Hepatitis C

Hepatitis C is one of the many viral infections with the tendency to affect the liver. In approximately 75% of cases, the infection will become chronic, meaning that it does not go away. After about 20 years of a chronic Hepatitis C infection, approximately 20% of these people will develop cirrhosis (or hardening) of the liver. Liver failure is also a very common complication, although Hepatitis C infection may also result in a number of blood cell disorders which manifest most typically in the skin as itching, bruises and other odd discolorations as well as intestinal bleeds manifesting as vomiting blood or passing stools that are black, indicating the presence of digested blood. There is also an increased tendency to develop a type of cancer known as Non-Hodgkin’s Lymphoma.

Depending on your general state of health and the type of Hepatitis C infection that you have, you may not be treated for the infection. This is because of the high costs associated with treatment, as well as the associated side effects and the fact that a small number of persons will recover without treatment and furthermore, only about 60% of persons will actually be cured by the current medical standards. The goals of treating Hepatitis C infections are to eliminate the virus as well as to prevent the development of liver cirrhosis and liver failure, thereby reducing the likelihood that a liver transplant will be required. How long you are treated for will depend on the type of Hepatitis C virus with which you have been infected, whether you have an acute (short-term) or chronic (long term) infection and your response to the treatment being given.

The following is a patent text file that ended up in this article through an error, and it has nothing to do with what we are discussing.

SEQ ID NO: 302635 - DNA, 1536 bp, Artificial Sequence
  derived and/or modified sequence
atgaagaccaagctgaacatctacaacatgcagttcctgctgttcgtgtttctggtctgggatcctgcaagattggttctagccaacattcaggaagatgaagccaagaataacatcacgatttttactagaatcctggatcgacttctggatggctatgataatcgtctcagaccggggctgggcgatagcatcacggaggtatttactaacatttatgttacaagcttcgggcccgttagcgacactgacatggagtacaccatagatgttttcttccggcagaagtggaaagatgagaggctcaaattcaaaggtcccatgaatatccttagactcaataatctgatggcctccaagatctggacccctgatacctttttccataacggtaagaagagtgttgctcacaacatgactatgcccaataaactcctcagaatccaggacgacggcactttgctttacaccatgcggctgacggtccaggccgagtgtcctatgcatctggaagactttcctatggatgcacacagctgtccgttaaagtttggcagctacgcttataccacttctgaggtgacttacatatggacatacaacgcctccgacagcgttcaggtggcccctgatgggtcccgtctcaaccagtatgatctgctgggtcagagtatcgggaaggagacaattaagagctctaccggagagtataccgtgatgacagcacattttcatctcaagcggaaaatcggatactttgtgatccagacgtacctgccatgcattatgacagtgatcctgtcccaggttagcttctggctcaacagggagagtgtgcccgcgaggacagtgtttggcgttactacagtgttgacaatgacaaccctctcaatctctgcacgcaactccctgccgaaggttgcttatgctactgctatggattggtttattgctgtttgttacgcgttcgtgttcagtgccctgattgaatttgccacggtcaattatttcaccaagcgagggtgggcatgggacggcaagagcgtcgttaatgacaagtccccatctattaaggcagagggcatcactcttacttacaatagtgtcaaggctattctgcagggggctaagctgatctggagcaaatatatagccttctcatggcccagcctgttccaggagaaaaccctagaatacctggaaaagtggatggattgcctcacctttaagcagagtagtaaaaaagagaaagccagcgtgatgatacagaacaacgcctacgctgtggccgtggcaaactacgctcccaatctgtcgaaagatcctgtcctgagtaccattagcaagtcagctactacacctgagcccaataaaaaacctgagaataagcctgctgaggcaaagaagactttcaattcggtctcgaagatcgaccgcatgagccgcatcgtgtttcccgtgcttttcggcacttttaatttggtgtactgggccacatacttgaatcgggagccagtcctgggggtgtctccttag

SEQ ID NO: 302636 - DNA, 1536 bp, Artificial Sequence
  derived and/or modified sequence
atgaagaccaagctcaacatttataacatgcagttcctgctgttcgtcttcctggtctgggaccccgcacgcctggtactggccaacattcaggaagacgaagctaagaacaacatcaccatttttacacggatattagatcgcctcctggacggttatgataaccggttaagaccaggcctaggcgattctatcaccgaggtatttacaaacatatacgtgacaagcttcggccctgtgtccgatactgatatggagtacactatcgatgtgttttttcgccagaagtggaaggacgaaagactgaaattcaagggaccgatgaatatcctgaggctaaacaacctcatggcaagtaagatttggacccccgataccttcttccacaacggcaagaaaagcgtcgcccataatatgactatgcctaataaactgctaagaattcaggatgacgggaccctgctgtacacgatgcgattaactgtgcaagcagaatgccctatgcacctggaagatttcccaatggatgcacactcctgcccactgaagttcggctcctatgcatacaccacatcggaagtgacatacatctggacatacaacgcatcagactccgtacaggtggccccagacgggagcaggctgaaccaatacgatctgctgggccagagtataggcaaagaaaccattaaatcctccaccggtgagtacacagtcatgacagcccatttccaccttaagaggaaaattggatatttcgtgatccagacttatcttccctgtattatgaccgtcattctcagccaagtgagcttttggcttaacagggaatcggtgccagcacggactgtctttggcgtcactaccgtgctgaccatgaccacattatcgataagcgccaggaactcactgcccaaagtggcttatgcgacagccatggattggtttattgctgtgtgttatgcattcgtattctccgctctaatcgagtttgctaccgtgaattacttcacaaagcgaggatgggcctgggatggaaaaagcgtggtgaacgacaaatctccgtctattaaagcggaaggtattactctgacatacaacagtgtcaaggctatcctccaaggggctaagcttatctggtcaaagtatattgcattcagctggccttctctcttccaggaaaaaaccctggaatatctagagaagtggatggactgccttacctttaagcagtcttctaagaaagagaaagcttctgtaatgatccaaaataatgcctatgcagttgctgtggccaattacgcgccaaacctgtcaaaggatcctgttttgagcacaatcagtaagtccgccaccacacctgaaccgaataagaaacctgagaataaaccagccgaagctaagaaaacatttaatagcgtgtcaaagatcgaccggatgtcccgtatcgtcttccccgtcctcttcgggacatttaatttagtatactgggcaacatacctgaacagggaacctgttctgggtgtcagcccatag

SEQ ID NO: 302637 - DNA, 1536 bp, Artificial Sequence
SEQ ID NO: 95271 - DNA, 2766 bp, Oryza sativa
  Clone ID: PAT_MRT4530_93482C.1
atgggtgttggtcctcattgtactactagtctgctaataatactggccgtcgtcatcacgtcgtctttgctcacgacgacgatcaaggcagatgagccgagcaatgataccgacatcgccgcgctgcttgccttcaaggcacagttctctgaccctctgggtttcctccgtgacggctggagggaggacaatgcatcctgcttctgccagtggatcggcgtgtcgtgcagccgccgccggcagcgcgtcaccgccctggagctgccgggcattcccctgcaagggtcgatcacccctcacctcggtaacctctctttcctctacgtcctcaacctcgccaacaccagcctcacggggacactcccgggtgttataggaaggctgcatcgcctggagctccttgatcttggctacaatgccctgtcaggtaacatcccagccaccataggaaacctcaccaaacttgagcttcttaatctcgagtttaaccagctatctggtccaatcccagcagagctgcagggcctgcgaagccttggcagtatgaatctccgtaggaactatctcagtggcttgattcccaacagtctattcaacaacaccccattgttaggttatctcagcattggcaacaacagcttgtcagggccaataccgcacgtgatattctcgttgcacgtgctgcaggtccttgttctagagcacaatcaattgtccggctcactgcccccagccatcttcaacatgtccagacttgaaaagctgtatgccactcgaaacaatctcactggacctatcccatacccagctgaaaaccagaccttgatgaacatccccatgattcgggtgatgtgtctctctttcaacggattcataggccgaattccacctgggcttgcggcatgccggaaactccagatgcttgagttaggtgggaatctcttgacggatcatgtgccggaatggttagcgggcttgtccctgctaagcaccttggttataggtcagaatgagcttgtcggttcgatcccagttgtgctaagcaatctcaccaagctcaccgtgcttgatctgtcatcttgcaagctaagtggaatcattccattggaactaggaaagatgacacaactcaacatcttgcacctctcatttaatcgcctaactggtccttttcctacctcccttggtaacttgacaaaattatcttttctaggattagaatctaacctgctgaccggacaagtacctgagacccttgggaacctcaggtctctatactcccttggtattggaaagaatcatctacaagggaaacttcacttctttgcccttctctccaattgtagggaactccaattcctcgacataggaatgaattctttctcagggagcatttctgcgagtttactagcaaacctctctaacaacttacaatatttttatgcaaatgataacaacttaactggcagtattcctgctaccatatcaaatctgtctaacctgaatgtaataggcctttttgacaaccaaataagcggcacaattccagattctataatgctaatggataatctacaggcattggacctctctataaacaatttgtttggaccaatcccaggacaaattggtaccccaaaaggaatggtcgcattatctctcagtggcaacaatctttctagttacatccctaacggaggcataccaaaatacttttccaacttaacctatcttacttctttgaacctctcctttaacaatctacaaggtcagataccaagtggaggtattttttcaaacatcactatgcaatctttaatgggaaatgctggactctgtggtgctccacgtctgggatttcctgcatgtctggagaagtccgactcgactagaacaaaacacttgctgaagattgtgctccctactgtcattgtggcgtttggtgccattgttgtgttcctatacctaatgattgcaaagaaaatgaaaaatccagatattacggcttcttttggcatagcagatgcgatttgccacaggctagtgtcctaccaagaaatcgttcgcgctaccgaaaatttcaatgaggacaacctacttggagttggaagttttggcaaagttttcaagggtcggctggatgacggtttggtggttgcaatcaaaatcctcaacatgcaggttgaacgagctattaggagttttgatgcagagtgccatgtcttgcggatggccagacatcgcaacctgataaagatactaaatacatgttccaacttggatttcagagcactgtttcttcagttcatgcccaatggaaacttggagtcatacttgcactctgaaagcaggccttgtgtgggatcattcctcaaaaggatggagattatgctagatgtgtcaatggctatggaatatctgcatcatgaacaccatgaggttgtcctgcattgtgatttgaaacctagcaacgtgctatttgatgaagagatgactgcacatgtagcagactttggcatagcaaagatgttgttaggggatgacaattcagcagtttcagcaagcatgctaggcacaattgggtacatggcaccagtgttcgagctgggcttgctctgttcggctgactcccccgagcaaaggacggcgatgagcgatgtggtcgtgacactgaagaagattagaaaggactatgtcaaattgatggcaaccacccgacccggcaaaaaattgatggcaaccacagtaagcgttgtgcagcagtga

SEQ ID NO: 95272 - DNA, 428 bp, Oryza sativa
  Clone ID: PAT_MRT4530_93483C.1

Most persons with an acute infection will not be treated, simply because they do not know they have it. If, however, it is known that a person is infected with Hepatitis C, prompt treatment may help prevent the progression to chronic Hepatitis though the actual guidelines for treatment in this case are still being debated. It is common for persons not to discover Hepatitis C infection until it has already become chronic. When this happens, treatment becomes necessary only in the presence of liver damage and a combination of medicines (such as interferon and ribavirin) may be required to fight the infection.

You will also need to be followed up by your doctor with routine blood tests to determine your level of liver function in response to treatment and any possible adverse reactions which might occur. Also, if you choose not to take your medicine then you will need to have a liver biopsy done every 5 years to assess the level of liver damage.

Note, that antiviral therapy for Hepatitis C is not recommended for persons who use IV drugs or drink alcohol, have advanced cirrhosis, are pregnant or may become pregnant, suffer from major depression or other mental disorder, have an autoimmune disease (e.g. psoriasis, lupus, or rheumatoid arthritis), or have other medical conditions such as seizures, heart disease or severe diabetes.

Alternatively, there are certain alternative and complimentary treatments for Hepatitis C which include plant extracts like ginseng, licorice root and milk thistle. Other therapies that may be used include relaxation techniques, chiropractic care and massage; none of which are curative, but they have been credited with relieving the pain associated with Hepatitis C. These natural therapies are used to boost the immune system, reduce liver inflammation and improve gastrointestinal function and they have been reported as being successful by as much as 40% of Hepatitis C patients who were not cured by traditional medicine.

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